The term rent control is quite familiar to most people who rent apartments or houses. However, people are less familiar with the term and concept of vacancy decontrol.
What is vacancy decontrol?
Vacancy decontrol means that a landlord can hike up the price of a vacant rental property for new tenants. Essentially, the landlord can increase rent for new tenants to any amount as long as the new tenants will pay it. The limitation for the landlord is that if he or she increases rent for potential new tenants too much, he may have trouble finding renters for the property.
Which provinces have vacancy decontrol in Canada?
The best example of a province that has implemented vacancy decontrol is Ontario.
Ontario implemented vacancy decontrol in its 2006 Residential Tenancies Act. Although vacancy decontrol is not named in the act, it is captured in s. 113 entitled “Lawful rent for new tenant.” The section states:
“Subject to section 111, the lawful rent for the first rental period for a new tenant under a new tenancy agreement is the rent first charged to the tenant.”
The section outlines that the landlord sets the rent at whichever rate he or she wants with a new tenant. However, once the rate is set for the new tenant, rent control kicks in and the landlord can only increase rent by the rate set by the government.
What are the effects of implementing vacancy decontrol?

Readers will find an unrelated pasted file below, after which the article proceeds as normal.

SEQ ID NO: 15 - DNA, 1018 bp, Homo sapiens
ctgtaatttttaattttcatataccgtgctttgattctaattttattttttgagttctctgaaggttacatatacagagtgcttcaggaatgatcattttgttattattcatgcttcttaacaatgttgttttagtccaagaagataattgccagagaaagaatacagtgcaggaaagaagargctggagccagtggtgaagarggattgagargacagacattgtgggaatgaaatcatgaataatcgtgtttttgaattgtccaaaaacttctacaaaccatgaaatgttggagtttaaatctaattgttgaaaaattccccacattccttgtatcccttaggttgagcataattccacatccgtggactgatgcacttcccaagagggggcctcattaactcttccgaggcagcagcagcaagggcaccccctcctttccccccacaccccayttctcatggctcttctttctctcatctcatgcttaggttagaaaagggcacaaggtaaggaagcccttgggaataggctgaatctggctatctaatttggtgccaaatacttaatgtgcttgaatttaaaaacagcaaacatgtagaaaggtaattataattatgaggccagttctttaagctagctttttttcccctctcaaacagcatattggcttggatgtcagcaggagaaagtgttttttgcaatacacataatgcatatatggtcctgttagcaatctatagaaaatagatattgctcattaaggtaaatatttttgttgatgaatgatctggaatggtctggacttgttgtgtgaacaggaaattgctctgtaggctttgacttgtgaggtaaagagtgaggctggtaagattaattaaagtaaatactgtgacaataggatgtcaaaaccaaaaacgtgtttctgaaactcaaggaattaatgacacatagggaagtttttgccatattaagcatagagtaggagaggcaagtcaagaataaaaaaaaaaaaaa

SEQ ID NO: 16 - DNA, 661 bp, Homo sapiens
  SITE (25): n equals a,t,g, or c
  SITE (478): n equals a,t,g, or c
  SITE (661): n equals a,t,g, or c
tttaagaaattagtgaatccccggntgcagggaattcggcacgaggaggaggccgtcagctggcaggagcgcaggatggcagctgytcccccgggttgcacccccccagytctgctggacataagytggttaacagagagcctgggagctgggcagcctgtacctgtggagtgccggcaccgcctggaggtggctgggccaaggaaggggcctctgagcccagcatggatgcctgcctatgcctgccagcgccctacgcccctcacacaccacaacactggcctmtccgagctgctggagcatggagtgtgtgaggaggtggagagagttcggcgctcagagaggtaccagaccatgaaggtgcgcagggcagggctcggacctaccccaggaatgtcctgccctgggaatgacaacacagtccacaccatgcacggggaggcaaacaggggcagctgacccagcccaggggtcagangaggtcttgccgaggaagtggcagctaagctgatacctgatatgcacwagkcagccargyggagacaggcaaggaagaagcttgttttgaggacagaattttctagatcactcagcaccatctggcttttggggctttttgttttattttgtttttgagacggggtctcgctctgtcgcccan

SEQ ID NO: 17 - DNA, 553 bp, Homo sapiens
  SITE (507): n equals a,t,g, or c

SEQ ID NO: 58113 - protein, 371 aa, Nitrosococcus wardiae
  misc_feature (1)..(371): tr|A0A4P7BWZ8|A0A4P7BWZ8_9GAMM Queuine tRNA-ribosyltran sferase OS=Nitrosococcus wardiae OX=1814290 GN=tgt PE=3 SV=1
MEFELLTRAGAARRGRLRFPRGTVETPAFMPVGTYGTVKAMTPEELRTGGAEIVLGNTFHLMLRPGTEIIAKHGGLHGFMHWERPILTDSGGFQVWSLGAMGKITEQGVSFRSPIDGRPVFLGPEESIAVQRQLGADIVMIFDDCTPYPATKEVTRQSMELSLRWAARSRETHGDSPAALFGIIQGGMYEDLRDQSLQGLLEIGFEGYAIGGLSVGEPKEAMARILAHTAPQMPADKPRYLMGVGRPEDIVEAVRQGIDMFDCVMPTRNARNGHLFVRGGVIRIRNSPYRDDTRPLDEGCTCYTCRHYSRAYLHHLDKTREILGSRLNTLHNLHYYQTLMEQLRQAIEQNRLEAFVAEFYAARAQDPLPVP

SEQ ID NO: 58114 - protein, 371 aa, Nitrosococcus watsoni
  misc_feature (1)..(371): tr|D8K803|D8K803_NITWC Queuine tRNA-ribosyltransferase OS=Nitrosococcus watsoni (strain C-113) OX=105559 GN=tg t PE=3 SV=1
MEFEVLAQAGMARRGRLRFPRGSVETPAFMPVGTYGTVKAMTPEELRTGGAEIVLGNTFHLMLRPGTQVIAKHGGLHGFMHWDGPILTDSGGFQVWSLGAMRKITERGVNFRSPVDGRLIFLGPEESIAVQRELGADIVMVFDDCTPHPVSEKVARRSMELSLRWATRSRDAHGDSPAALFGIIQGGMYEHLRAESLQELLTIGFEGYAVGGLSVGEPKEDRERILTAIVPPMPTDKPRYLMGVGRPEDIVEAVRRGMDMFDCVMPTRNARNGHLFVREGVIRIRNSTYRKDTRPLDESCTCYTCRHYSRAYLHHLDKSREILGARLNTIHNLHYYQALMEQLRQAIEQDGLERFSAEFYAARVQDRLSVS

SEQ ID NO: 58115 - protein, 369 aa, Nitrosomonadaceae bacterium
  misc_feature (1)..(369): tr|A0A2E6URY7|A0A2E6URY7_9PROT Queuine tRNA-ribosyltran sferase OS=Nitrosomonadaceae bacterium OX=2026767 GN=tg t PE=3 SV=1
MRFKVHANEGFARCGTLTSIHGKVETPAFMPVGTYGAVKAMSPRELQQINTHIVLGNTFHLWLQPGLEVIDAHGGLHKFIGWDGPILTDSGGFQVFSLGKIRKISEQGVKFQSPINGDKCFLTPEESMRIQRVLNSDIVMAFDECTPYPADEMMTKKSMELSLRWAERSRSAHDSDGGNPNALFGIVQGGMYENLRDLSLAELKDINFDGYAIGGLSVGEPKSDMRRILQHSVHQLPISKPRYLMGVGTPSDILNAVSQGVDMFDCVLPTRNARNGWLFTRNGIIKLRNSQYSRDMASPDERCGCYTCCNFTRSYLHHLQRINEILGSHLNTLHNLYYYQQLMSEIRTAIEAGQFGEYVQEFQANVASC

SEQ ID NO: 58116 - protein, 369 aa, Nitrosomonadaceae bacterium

The problem with vacancy decontrol is that the amount that a pre-tenancy rent can be increased to can be a large amount as long as somebody is willing to pay it, which can inflate rent for other people. That means units apartments and house rentals may become unaffordable for people.
Another side effect for vacancy decontrol is that it gives landlords no incentive to retain current tenants if the housing market rises and they know they could hike the price of units if they got new tenants.
As vacancy decontrol is often accompanied by rent control, some landlords may be eager for a revolving door when it comes to tenants. If there is rent control with vacancy control that usually means that existing tenants rent cannot be hiked more than what the government allows.
Where did vacancy decontrol come from?
Not surprisingly the concept of vacancy decontrol is one we inherited from Great Britain.
Due to the housing shortage that stemmed from WWI, house prices increased substantially in the mid to late 1910’s, and many people couldn’t afford rent anymore. As no rent control existed at the time people were forced out of their homes if they couldn’t afford the much higher rents.
As a result of the housing crisis, the British government passed “The Increase of Rent and Mortgage Interest (Restrictions) Act 1920”. The act effectively put in place temporary rent control. However, it also refused to decontrol rents completely and so while rent control was implemented so was vacancy decontrol for vacant properties.
So, where vacancy decontrol exists, as in Ontario, landlords are allowed to hike up prices substantially. However, consumers looking for affordable housing can also price shop and try to negotiate the rent with the landlord.
Residential Tenancies Act, 2006 Ontario